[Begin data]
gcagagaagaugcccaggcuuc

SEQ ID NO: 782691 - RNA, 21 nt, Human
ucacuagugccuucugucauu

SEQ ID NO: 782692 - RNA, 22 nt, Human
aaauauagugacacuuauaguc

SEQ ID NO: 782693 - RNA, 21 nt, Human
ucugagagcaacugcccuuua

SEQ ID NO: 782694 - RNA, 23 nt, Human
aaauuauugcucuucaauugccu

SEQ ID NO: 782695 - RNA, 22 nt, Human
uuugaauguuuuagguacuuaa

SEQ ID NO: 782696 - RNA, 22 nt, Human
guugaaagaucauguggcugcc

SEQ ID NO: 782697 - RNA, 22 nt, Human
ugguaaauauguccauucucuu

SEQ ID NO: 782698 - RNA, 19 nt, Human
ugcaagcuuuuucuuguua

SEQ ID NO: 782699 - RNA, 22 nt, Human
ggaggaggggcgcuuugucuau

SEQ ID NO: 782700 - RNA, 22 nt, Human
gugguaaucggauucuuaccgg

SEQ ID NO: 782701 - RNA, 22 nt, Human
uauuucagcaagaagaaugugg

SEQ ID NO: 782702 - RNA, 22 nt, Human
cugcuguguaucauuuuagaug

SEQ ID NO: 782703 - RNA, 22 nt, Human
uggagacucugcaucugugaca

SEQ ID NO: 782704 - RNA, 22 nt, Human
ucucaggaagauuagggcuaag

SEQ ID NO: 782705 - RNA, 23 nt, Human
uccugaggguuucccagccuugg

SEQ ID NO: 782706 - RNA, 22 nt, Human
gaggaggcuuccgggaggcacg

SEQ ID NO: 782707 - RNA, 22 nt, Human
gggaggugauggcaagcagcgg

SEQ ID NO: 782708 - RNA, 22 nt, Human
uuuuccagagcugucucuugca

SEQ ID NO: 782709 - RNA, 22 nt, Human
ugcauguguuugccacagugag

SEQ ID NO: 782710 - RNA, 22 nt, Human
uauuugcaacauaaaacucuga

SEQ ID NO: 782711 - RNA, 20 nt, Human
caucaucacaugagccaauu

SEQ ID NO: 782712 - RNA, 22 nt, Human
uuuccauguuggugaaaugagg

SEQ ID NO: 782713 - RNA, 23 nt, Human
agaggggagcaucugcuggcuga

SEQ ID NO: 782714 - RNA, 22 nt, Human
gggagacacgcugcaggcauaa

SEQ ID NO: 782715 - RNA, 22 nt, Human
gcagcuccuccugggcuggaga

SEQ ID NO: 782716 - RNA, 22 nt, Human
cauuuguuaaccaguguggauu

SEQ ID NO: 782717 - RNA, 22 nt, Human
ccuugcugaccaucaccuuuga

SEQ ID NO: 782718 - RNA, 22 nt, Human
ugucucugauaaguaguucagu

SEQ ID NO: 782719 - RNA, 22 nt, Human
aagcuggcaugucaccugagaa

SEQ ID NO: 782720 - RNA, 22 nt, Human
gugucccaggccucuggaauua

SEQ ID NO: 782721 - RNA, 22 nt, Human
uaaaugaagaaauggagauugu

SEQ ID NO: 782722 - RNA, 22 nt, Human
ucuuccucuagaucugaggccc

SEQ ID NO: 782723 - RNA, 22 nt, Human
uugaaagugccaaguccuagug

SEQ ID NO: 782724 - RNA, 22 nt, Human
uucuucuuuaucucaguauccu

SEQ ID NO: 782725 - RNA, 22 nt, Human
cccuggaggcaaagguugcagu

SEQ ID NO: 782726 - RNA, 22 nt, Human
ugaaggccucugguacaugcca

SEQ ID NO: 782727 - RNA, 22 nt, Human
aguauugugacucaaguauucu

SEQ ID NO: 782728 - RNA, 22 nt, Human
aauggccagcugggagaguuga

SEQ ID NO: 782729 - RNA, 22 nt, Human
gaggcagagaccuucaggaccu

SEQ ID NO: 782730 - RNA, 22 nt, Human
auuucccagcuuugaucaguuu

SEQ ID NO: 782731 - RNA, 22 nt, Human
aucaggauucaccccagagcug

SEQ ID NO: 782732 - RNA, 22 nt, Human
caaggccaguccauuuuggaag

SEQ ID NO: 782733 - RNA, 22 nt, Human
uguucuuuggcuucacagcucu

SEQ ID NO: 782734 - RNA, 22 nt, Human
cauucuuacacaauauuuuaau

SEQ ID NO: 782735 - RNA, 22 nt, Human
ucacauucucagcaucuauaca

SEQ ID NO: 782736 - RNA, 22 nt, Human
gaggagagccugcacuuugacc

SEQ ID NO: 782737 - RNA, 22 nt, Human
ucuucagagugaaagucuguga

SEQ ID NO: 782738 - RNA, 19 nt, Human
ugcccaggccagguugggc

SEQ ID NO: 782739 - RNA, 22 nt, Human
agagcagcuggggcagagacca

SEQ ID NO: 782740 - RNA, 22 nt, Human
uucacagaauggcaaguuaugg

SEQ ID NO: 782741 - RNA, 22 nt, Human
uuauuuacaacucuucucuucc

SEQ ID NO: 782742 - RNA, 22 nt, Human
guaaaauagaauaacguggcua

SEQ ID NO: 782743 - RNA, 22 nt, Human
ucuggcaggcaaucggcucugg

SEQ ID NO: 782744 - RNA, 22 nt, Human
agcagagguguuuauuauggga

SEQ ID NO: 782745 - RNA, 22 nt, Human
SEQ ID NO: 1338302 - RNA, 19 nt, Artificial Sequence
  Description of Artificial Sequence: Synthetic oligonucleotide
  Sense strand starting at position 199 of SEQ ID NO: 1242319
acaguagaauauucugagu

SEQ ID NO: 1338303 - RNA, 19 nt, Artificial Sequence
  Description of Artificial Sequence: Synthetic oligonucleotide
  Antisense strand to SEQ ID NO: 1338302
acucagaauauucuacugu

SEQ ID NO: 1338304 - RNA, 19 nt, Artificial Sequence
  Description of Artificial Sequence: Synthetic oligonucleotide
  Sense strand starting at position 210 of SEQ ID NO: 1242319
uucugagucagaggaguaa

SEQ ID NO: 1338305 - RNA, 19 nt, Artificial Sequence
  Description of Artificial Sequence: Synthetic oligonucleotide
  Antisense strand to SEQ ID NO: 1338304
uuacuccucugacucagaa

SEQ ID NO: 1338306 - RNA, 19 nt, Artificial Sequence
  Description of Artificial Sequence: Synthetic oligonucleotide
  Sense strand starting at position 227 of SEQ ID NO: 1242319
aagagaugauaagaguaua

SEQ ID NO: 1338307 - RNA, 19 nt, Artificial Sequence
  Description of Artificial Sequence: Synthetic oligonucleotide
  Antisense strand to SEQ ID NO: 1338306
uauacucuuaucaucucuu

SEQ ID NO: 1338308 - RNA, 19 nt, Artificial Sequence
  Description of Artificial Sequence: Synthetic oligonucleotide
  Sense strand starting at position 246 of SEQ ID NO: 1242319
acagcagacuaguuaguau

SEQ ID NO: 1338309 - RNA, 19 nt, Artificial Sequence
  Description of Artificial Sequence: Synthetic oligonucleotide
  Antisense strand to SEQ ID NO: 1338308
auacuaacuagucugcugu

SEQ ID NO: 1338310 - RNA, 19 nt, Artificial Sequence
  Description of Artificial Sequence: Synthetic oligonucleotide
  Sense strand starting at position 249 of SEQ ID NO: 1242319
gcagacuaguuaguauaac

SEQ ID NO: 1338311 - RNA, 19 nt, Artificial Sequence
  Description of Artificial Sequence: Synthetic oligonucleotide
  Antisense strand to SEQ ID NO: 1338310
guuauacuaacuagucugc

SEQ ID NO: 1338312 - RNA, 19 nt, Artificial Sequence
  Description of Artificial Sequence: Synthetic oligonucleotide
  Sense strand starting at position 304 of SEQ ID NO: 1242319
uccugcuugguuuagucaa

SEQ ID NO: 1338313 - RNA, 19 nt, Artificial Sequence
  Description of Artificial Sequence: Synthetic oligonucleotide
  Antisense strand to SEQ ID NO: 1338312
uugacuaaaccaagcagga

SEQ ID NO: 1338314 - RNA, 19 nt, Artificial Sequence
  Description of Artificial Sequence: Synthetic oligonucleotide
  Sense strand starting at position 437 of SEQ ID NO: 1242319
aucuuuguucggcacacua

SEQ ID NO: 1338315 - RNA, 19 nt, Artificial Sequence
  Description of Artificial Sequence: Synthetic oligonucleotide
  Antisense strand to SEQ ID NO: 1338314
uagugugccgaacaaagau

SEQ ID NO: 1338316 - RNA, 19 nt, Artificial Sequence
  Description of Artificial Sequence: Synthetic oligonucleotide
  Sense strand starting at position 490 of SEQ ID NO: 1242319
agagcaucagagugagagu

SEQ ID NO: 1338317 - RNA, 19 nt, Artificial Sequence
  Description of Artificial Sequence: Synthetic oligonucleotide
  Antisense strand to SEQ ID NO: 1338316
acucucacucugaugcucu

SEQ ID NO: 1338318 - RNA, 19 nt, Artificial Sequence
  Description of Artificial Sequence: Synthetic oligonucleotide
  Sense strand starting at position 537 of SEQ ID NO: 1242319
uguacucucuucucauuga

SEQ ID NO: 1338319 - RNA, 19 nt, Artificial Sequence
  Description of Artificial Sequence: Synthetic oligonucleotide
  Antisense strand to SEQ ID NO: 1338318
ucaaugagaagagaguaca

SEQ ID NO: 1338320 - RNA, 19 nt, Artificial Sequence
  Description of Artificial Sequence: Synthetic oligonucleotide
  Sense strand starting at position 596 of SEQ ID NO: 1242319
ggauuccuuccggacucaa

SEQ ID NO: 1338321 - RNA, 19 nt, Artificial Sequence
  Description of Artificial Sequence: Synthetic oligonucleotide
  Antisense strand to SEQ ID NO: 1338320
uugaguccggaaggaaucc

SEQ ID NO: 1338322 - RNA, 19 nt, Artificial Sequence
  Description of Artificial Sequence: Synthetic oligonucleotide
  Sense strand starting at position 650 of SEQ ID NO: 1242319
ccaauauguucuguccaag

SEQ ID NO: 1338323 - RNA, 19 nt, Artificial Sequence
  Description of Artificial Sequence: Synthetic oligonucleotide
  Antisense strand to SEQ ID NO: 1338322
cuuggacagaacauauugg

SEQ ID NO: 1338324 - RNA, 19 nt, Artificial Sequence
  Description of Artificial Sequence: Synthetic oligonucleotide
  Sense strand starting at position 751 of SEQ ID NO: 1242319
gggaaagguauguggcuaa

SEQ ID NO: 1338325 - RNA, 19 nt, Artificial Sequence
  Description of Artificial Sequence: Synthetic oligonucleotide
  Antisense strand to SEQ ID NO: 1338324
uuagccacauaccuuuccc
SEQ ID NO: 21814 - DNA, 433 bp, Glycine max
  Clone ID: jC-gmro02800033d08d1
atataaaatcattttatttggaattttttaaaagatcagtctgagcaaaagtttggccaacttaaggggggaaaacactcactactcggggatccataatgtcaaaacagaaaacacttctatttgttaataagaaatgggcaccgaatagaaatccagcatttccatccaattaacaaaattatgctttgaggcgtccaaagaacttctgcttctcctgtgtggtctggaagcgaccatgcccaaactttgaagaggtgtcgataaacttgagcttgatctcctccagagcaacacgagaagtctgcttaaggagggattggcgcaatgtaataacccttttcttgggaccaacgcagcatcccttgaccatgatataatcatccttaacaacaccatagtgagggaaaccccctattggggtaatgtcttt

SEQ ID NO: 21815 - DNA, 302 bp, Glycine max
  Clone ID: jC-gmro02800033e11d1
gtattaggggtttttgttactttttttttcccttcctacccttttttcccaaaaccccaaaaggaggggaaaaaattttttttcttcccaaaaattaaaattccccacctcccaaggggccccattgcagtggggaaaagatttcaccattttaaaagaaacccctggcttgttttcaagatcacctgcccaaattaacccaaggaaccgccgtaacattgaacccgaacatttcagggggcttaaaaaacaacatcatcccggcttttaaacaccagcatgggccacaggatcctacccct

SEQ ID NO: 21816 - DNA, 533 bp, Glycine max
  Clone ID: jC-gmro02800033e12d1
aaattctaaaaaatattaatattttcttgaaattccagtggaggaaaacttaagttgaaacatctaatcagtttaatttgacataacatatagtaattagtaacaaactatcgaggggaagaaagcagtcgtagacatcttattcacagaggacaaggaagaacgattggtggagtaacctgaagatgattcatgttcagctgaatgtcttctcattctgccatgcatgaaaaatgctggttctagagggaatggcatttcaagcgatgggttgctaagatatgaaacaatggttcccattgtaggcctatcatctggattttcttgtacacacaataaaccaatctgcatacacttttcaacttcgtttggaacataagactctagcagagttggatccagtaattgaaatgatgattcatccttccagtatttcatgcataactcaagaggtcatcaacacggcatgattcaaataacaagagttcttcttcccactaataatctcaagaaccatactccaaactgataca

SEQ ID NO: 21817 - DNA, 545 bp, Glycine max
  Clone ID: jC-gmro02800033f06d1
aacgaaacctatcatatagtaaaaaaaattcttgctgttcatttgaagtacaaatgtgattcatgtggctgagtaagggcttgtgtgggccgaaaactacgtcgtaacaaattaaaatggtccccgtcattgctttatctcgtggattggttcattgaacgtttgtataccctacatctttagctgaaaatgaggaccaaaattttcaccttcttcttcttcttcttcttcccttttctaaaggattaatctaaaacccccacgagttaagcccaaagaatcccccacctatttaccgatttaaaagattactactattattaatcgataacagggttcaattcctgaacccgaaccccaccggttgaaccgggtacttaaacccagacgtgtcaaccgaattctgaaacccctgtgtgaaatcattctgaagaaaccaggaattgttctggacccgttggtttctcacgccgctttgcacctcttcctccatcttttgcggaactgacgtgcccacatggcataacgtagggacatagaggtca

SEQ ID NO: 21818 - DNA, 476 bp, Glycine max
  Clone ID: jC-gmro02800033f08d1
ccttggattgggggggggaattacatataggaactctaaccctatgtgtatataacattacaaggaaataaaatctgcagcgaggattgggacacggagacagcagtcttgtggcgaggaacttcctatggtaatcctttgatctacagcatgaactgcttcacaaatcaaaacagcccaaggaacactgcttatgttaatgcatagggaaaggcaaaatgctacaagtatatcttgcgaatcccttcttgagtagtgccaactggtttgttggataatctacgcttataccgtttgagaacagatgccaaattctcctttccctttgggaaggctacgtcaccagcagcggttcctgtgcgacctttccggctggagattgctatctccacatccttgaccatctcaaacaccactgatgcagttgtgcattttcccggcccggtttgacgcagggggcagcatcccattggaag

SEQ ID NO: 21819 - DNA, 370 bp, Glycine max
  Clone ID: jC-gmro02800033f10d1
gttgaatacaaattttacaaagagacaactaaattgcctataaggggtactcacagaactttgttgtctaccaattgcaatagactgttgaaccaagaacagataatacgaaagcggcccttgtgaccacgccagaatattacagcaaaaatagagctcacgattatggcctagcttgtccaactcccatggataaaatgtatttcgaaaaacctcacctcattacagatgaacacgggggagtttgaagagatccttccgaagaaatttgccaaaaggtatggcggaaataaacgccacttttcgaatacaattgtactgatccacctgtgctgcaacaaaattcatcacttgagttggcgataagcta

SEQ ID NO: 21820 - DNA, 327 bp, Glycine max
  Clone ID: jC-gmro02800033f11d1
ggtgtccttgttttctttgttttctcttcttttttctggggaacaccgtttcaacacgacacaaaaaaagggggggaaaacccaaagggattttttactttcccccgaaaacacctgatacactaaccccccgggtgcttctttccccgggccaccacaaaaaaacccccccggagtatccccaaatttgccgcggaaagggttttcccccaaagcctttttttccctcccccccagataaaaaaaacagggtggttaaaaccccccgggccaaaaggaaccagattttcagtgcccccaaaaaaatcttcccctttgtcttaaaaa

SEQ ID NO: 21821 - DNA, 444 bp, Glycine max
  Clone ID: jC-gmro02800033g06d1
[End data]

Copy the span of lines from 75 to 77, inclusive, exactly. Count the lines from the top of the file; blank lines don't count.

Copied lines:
aguauugugacucaaguauucu

SEQ ID NO: 782728 - RNA, 22 nt, Human
aauggccagcugggagaguuga